Hotel loans and portfolios can't seem to get enough of bad news with the latest being Barron's downgrading Starwood Hotels to underperform from Neutral. In doing so, Barron's analyst noted that it was "in conjunction with our industry note in which we are lowering estimates across our hotel coverage. We are updating our view and now
expect the hotel recovery to manifest itself in the second half of 2010
versus our previous assumption of late 2009." Somewhat scathingly, if unfairly, the downgrade opines that "Starwood's former strengths are now weaknesses. During the boom
Starwood's world-class real-estate holdings, higher-end brands and
international growth allowed significant multiple expansion. Today,
each of these former positives exposes the company to
higher-than-average risks, for which we do not believe investors are
compensated at present levels."
The news on the debt front for hotels also seems unremittingly bad with a spate of announced defaults that began with Extended Stay of America's Chapter 11 bankruptcy filing last month followed by the technical default of Red Roof Inns on its conduit loans. Days later, the Washington Post reported that the owners of the landmark Watergate hotel in Washington D.C. "defaulted on a $70 million loan that came due this week, another fallout from the real estate crash and the collapse of Lehman Brothers, a partner and equity investor in the property." San Francisco Business Times reported yesterday that the Millenium partners, owners of the Four Seasons in San Francisco treaded the path taken by Red Roof Inns and "purposefully stopped making debt payments as a strategy to jump start renegotiating the debt with the special servicer."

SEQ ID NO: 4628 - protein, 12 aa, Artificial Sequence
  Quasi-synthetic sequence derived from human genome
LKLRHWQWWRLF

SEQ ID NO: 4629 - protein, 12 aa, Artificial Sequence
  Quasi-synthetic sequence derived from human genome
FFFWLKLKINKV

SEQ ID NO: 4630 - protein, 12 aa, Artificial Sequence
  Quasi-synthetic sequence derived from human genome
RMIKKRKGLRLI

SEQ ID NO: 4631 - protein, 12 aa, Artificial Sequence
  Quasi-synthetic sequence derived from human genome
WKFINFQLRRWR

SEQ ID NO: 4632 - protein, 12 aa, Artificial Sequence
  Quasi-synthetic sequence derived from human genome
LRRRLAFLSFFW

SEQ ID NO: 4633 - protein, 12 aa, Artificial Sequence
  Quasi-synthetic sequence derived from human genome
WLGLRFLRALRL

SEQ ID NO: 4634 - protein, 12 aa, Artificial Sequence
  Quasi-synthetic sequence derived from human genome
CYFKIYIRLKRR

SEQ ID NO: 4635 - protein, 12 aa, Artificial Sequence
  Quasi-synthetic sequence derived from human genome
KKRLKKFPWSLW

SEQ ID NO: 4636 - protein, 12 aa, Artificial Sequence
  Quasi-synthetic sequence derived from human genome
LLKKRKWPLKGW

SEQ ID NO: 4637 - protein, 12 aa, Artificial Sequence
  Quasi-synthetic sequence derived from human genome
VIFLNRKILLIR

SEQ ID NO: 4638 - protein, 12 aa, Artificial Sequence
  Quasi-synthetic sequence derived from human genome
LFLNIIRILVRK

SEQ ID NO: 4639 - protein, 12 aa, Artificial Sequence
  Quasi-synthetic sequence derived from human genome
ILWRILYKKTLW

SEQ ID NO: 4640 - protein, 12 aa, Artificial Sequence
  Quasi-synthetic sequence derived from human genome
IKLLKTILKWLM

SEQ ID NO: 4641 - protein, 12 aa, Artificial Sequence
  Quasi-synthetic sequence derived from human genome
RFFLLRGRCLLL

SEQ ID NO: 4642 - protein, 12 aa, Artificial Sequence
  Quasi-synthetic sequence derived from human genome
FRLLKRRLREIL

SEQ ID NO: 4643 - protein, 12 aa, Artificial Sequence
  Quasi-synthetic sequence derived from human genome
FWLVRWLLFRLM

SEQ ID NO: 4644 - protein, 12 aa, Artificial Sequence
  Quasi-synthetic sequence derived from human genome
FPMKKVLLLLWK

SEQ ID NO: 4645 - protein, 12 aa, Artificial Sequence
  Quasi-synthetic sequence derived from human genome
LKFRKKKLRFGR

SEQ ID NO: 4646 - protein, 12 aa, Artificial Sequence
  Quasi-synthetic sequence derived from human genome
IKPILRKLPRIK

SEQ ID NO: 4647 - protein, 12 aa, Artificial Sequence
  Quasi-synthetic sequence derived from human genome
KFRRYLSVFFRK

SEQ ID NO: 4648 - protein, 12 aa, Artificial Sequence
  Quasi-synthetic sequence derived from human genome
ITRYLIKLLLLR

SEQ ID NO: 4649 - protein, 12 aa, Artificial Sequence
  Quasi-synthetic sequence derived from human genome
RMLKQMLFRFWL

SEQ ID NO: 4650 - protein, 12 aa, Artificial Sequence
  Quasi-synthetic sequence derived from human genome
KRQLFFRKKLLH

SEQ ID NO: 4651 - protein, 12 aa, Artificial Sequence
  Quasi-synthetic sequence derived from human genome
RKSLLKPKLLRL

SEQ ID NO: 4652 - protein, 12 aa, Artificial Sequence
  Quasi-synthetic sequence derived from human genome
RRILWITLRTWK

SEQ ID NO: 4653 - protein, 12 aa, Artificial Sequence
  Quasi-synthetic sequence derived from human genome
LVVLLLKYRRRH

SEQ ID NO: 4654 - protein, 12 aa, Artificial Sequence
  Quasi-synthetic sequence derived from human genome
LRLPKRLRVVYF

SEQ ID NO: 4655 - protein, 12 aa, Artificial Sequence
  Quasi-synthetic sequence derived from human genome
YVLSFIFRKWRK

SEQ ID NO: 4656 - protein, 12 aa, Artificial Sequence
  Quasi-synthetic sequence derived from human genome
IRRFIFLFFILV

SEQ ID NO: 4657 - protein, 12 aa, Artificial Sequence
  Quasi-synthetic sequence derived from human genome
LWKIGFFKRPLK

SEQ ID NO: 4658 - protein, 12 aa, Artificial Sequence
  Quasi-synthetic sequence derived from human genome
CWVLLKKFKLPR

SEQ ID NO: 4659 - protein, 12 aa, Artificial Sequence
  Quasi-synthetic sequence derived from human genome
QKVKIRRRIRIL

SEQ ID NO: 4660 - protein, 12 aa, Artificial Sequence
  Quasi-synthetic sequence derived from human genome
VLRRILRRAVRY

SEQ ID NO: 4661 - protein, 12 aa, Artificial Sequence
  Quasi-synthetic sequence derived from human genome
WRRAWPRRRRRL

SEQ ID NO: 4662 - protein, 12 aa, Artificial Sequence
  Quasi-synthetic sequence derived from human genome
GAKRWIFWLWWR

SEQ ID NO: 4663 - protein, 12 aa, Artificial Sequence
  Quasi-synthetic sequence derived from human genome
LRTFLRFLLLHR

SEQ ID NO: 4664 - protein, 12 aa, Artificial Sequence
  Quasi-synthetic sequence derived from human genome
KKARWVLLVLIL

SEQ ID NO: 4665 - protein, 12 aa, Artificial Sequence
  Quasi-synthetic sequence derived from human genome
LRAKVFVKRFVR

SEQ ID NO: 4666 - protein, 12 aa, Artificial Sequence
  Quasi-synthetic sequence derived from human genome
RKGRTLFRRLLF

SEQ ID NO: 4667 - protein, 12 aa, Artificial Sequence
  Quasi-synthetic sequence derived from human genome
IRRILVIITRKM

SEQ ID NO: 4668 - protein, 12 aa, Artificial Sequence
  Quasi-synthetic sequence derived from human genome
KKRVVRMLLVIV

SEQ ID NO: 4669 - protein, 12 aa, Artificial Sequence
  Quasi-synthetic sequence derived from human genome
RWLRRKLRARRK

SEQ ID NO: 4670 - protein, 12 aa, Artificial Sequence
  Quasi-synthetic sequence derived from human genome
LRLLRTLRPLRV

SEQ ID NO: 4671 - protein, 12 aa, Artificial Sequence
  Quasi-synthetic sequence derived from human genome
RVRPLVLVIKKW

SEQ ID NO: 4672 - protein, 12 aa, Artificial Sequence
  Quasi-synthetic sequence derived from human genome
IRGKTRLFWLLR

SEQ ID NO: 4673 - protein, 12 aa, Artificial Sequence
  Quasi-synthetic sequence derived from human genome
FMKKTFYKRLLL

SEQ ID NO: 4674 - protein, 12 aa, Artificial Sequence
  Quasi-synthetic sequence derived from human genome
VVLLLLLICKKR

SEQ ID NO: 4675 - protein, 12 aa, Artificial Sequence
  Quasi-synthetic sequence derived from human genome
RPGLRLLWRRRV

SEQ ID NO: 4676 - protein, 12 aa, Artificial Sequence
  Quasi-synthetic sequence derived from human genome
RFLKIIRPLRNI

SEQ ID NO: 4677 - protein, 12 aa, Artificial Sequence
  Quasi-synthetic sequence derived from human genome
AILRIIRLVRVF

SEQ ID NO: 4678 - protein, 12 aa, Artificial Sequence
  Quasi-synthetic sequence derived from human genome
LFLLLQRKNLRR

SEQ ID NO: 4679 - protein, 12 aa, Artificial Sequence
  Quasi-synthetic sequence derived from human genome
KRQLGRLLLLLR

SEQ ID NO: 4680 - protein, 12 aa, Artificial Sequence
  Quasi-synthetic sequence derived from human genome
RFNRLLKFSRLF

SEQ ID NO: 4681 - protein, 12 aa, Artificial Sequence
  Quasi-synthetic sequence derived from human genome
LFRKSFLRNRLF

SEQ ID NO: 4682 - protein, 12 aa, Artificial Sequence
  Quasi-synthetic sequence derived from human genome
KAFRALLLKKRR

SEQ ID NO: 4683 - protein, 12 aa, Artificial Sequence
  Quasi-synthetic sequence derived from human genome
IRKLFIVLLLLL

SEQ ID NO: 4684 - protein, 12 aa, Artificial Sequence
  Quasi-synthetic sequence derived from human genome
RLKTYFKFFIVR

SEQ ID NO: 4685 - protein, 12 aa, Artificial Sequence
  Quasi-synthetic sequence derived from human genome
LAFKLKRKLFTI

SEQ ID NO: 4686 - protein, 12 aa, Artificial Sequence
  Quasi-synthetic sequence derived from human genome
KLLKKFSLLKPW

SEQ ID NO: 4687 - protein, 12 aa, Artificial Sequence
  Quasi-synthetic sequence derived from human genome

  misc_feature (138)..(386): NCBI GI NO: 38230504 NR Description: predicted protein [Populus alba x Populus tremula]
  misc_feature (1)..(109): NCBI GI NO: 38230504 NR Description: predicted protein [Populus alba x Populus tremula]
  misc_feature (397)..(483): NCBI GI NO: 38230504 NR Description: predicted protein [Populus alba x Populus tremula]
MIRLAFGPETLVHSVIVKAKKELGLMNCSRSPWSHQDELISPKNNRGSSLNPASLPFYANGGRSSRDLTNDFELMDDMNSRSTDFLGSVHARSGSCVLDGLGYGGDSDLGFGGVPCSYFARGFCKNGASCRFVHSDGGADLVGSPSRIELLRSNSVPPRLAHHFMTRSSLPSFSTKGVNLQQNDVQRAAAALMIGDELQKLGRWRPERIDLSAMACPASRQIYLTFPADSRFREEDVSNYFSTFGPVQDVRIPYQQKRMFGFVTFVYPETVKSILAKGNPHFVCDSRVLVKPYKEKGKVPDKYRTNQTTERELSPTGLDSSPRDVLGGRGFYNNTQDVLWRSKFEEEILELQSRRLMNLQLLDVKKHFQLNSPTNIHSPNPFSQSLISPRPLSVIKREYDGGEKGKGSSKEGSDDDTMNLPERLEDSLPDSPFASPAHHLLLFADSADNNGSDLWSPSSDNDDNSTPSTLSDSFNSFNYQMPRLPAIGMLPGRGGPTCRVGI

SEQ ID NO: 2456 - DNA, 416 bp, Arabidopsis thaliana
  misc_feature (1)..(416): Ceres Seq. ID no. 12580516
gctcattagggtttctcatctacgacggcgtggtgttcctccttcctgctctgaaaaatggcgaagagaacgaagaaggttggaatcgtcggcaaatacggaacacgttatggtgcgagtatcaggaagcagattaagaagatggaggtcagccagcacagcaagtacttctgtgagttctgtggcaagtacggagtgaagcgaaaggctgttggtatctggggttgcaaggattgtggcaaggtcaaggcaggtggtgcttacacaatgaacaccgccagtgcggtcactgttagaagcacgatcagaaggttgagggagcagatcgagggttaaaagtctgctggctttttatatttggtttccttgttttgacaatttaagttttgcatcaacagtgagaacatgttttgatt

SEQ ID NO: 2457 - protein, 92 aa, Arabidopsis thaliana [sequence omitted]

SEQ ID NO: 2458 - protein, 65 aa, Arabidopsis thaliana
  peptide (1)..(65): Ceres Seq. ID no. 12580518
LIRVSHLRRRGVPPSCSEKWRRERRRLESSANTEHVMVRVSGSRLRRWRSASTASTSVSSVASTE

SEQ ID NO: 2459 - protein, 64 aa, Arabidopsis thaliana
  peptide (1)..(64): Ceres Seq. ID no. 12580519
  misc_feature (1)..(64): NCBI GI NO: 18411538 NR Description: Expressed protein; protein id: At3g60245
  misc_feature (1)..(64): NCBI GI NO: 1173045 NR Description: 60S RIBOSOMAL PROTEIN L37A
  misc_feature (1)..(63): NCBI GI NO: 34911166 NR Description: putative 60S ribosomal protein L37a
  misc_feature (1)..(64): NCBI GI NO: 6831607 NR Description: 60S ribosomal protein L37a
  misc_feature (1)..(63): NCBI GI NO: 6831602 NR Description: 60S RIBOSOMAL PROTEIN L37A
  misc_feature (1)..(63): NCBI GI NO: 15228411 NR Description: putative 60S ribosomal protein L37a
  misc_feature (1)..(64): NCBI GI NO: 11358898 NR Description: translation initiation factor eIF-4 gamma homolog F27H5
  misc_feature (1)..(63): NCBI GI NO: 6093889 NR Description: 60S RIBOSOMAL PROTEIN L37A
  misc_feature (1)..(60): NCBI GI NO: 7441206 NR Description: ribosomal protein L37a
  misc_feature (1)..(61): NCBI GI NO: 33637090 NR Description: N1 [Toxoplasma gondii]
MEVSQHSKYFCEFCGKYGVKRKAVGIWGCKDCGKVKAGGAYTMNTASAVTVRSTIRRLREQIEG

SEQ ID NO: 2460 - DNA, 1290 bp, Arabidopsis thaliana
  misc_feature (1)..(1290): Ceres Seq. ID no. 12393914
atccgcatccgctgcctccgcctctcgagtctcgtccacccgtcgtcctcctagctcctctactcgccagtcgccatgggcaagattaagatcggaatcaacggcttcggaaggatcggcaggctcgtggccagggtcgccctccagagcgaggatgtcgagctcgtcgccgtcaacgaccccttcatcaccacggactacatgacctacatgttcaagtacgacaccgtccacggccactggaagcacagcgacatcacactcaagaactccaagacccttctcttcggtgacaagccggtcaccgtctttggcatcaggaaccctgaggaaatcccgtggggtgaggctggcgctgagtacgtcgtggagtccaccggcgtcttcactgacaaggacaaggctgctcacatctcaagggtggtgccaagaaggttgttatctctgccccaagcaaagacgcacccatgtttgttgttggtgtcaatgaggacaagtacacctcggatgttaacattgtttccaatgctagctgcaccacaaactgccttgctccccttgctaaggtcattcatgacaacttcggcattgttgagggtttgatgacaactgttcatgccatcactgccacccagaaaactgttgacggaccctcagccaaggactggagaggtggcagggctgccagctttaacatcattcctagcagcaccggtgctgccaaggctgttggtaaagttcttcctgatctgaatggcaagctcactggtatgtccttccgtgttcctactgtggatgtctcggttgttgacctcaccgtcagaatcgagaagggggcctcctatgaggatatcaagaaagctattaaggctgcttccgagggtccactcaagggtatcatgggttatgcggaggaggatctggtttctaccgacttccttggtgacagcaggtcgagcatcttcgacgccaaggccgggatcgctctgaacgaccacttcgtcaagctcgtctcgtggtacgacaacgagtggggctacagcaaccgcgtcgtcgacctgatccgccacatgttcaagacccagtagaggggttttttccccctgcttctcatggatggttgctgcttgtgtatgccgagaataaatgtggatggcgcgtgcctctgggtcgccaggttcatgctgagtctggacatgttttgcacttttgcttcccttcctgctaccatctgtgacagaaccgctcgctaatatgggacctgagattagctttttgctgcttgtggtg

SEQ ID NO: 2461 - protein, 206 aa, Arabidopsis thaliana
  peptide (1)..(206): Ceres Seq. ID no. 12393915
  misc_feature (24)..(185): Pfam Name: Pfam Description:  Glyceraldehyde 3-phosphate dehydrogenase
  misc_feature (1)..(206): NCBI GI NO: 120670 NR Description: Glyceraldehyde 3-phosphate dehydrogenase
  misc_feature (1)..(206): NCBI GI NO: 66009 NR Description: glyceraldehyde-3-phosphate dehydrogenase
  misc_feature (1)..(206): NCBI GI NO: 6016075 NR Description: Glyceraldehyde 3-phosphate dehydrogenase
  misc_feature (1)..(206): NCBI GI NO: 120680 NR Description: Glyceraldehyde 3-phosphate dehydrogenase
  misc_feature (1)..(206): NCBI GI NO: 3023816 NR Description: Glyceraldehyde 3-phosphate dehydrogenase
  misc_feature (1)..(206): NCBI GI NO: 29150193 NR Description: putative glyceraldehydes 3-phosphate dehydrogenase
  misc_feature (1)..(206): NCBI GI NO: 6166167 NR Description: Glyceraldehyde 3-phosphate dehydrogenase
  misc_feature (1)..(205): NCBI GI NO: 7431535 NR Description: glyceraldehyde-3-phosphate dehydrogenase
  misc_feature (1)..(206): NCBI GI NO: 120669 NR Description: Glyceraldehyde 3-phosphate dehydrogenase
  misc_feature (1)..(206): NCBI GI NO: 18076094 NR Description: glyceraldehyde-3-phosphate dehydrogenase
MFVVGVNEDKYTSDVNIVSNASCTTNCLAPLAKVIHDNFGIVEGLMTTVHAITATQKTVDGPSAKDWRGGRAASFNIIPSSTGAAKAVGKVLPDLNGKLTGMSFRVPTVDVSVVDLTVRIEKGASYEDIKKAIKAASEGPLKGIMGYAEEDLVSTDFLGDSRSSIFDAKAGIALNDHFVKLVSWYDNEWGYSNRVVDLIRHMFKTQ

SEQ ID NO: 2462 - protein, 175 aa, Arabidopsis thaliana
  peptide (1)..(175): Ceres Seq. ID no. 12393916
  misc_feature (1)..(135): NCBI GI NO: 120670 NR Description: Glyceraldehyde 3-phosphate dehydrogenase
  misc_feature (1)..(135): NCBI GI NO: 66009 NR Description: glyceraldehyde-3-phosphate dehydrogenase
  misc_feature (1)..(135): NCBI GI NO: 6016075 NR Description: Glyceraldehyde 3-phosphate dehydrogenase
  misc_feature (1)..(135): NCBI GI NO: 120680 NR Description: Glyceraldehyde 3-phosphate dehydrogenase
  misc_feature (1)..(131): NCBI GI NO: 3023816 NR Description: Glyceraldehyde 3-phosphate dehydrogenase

The spate of bad news on hotel assets and their debt does have a silver linging. Reading between the screaming headlines of distressed debt Red Roof and the Four Seasons in San Francisco, it is obvious that both owners resorted to a deliberate strategy of default with a view to renegotiating their debt for what are evidently cash flowing assets in these troubled times involving CMBS loans. With no go to loan officer as in traditional debt, it seems as if the best way to get the attention of the servicer.
But even in traditional debt that is in default the FT reports that there is a resumption of debtor-in-possession (DIP) financing, heretofore shunned by investors and lenders. DIP financing has historically played a key role in repositioning hotels in bankruptcy with the "new" lender" getting to supercede all prior (defaulted) debt in hierarchy thereby providing much needed funds for cash flow and FF&E upgrades necessary to reposition the hotel. That may be particularly critical for smaller single asset bankruptcies involving hotels that are likely to come up in the near term.